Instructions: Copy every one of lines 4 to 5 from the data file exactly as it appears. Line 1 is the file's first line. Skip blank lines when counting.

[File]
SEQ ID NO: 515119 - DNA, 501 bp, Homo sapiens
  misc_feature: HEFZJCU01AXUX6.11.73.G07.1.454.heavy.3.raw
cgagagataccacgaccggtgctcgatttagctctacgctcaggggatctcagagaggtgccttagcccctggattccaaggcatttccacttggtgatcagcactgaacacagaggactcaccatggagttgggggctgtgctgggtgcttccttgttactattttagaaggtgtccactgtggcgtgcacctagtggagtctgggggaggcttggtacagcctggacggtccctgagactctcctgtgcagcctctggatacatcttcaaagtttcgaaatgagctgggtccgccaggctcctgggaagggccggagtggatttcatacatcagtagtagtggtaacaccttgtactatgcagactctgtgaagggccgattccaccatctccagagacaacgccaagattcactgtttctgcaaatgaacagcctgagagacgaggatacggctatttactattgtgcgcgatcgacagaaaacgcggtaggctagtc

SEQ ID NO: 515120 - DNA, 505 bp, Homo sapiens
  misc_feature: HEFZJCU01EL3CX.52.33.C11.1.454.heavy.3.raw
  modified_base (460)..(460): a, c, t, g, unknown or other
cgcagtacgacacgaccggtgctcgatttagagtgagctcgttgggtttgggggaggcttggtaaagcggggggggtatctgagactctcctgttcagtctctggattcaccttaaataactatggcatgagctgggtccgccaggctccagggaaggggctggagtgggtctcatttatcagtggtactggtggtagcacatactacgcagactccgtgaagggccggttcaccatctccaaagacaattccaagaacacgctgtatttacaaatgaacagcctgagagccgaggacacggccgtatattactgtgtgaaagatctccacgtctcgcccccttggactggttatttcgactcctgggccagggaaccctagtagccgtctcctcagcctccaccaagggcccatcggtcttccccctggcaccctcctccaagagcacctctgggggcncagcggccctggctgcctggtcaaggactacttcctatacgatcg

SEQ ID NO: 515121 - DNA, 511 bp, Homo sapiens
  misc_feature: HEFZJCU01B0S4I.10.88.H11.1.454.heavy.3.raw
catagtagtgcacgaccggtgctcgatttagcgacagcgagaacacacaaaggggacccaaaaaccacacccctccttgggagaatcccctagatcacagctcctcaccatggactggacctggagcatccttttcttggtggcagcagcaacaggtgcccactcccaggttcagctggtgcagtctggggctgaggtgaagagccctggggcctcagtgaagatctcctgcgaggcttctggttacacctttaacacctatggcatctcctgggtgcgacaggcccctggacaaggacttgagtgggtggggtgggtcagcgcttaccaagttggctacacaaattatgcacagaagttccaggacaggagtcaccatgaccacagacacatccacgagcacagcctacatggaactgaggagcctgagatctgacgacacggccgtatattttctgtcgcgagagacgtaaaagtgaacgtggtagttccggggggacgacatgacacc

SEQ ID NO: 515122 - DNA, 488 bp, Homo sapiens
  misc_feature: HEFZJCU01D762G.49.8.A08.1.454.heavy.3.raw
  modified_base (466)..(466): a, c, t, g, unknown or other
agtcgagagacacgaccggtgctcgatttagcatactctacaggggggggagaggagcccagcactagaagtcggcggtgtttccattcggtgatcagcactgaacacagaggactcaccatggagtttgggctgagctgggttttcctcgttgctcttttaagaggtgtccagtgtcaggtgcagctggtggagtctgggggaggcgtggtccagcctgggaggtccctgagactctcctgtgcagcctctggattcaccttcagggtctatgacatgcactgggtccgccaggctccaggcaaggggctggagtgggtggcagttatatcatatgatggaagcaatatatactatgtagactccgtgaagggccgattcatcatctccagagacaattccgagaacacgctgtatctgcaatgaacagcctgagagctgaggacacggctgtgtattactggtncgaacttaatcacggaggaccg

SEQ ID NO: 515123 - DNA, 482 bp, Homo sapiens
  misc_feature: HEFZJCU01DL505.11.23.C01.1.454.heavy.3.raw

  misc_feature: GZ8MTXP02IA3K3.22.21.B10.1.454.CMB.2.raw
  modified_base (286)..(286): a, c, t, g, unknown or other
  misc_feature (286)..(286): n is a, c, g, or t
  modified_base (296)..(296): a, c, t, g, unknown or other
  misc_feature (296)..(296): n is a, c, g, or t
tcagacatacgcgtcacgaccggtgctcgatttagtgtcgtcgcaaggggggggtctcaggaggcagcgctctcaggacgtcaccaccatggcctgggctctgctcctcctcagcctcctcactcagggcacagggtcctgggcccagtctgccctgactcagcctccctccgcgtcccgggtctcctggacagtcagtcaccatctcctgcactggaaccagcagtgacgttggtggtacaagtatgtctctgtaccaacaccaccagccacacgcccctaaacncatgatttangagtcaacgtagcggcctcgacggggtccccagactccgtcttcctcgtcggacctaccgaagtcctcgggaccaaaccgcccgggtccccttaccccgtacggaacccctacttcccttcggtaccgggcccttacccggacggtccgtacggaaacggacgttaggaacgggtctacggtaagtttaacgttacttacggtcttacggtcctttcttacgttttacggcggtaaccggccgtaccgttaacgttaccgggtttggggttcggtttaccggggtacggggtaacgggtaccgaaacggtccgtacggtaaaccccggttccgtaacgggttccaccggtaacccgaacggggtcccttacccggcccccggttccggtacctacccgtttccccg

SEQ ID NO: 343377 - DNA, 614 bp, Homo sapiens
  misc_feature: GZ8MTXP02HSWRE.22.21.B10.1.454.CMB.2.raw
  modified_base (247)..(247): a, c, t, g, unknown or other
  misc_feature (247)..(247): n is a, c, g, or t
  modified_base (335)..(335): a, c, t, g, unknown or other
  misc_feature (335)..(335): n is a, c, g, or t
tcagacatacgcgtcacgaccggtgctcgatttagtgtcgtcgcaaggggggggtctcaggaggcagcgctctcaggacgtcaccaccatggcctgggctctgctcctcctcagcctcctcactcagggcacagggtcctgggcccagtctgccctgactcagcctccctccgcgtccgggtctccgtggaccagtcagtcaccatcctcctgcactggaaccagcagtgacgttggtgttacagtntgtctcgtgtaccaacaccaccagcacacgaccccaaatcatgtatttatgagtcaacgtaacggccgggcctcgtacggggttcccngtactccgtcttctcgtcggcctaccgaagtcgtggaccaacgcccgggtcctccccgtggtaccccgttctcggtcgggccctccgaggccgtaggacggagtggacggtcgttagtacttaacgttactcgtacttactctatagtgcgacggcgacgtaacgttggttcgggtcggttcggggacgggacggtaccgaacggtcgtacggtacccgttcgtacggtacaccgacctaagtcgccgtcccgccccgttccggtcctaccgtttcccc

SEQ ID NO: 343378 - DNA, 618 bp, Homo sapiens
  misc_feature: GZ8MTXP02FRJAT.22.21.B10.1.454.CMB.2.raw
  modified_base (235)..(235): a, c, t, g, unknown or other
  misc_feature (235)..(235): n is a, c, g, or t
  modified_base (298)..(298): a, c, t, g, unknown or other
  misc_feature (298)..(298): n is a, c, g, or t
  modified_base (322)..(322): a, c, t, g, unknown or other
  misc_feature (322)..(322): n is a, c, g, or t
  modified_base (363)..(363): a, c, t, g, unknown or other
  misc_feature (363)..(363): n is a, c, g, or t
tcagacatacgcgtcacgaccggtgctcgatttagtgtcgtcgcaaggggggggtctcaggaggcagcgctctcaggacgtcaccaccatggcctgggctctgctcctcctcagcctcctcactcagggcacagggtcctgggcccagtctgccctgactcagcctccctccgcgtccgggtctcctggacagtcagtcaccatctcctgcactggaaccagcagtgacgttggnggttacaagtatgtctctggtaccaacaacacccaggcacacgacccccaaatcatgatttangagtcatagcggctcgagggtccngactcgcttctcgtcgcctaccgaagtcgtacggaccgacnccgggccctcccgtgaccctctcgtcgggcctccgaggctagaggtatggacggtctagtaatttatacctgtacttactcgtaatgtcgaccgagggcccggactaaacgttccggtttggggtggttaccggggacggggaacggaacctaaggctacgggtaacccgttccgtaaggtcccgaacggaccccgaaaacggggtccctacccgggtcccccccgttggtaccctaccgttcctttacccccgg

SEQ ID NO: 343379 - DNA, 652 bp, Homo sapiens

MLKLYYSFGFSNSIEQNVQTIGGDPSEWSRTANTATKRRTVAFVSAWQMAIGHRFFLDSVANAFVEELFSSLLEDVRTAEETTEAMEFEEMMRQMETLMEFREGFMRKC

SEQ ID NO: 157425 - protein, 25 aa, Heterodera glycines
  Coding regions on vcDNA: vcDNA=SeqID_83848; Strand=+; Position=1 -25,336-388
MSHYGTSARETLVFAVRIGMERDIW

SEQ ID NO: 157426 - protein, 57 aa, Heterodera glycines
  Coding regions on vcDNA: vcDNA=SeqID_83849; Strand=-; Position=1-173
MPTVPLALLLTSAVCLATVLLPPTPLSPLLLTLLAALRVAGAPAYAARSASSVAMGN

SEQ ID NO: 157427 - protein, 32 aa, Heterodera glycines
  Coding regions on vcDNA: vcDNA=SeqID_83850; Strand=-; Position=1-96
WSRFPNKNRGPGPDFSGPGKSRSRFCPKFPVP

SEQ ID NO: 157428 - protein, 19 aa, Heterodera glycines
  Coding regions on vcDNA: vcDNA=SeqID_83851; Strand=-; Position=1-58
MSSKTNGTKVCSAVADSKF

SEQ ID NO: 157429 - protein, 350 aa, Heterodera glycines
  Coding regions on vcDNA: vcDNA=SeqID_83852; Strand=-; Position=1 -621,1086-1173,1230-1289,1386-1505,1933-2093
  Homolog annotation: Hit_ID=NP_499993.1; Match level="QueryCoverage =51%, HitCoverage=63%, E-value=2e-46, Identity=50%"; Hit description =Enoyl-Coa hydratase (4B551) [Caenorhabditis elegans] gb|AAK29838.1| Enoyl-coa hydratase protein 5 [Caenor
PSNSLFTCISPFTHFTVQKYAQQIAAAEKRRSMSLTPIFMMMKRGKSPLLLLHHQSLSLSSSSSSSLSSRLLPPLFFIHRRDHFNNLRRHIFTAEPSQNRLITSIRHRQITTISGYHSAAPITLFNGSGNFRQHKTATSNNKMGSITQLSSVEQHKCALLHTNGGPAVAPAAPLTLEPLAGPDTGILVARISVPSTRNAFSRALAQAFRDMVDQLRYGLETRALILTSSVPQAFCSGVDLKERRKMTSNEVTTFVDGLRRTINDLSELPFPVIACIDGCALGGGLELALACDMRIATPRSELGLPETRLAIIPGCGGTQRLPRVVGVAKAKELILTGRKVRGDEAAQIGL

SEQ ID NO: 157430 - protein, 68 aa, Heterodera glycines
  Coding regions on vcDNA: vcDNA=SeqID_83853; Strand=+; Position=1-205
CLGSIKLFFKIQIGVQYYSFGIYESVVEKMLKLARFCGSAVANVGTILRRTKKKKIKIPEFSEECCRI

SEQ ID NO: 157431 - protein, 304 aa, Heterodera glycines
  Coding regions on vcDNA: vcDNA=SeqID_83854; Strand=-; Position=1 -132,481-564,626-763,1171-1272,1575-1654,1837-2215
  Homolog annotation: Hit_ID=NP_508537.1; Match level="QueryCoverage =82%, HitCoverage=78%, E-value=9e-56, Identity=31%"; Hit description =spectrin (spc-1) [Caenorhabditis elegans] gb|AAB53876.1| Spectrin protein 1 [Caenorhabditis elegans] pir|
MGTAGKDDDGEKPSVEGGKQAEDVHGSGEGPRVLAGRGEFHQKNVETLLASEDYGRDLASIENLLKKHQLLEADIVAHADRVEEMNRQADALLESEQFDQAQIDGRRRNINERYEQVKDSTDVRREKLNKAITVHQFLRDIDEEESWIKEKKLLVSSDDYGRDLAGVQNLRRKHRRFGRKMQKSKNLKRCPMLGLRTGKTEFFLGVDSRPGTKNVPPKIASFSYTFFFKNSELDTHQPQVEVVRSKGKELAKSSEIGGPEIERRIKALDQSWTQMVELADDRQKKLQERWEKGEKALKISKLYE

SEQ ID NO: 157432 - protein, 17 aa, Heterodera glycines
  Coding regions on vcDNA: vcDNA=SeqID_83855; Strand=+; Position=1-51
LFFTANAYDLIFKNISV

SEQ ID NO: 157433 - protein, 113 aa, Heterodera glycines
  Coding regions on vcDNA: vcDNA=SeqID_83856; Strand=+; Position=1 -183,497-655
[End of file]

SEQ ID NO: 515120 - DNA, 505 bp, Homo sapiens
  misc_feature: HEFZJCU01EL3CX.52.33.C11.1.454.heavy.3.raw